When a marriage is invalid, parties can seek an annulment, which is different from a divorce. A divorce seeks to end a marital relationship and is a long and complex process. An annulment may be considered simpler in some cases, and it does not end a marriage but instead states the marriage never existed. A Chicago family law attorney can help you determine if you qualify for an annulment and whether your interests and rights are better protected with a divorce or annulment.

There are strict requirements you must meet to get an annulment. There must be a reason for a marriage to be considered invalid, such as if the marriage is prohibited by law or if one party was under the influence during the ceremony.

What Are the Grounds for an Annulment in Chicago?

In Illinois, an annulment is called a declaration of invalidity, and grounds for annulment are when the legal requirements for a marriage were not met. One of the involved parties can file for an annulment to request that the marriage be recognized as never having occurred in the first place.

A marriage is determined to be invalid in the following circumstances:

  1. Lack of Capacity: A marriage is considered invalid if one party did not have the capacity to consent to the marriage. This may be because of mental incapacity due to drugs or alcohol. It may also be because the party was put under duress or force to consent to the marriage. If one party engaged in fraud about an essential aspect of the marriage, this may also be grounds for an annulment.
  2. Impotency: A marriage is deemed invalid if one party does not have the physical ability to consummate the marriage, was unable to when the marriage was entered into, and the other party did not know of the inability.
  3. Lack of Consent When Underage: A marriage is invalid if either party was 16 or 17 and did not have approval to be married. Approval may be from a parent, legal guardian, or the court. Minors 15 and under are not legally allowed to be married.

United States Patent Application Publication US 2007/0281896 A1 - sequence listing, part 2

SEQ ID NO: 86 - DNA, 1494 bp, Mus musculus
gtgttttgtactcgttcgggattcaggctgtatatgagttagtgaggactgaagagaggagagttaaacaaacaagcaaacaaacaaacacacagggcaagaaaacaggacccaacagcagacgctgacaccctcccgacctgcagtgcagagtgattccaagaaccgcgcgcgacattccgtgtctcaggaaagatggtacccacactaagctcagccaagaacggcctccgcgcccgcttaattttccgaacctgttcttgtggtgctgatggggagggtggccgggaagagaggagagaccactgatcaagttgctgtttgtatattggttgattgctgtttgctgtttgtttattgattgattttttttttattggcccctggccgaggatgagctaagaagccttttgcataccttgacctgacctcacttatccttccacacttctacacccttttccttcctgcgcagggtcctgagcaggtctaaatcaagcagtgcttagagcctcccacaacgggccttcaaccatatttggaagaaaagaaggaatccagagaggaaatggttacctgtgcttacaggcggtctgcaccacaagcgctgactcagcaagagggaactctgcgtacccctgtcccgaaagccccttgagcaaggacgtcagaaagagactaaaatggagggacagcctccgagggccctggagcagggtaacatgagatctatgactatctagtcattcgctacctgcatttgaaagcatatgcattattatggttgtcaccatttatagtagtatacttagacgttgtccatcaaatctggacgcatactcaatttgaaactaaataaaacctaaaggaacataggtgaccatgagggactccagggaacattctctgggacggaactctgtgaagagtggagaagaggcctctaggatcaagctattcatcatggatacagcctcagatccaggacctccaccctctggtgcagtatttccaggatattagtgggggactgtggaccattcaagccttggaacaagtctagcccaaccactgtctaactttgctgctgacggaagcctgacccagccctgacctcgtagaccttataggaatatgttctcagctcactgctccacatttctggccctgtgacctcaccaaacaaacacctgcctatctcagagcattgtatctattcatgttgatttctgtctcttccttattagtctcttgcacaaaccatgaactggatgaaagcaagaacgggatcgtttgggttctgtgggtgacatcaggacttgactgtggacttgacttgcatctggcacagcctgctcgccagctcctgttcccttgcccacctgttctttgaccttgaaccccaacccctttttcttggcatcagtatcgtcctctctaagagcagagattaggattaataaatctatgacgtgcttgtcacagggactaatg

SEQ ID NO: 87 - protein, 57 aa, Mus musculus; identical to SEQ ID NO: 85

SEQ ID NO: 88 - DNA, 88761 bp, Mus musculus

4. Prohibited Marriage: If the marriage is prohibited under state law, it is invalid.

Why Might a Marriage Be Prohibited?

A marriage is prohibited under Illinois law for the following reasons:

  1. Bigamy, where one spouse has a prior marriage that they never dissolved, making any subsequent marriages invalid
  2. Incest, or marriages between relatives, including siblings or ancestors and descendants, even if they are adopted. It also includes marriages between aunts or uncles and nieces or nephews. This is true whether the relationship is by half or whole blood. A marriage between first cousins is also prohibited except in specific circumstances.

Depending on the cause of the annulment, parties may need to file within 90 days of discovering the reason for the annulment. For impotency, annulment must be requested within a year of discovery. An underage marriage must be annulled before the parties turn 18, but it can also be petitioned for by the parent or legal guardian of the minor.

Impact of an Annulment vs. a Divorce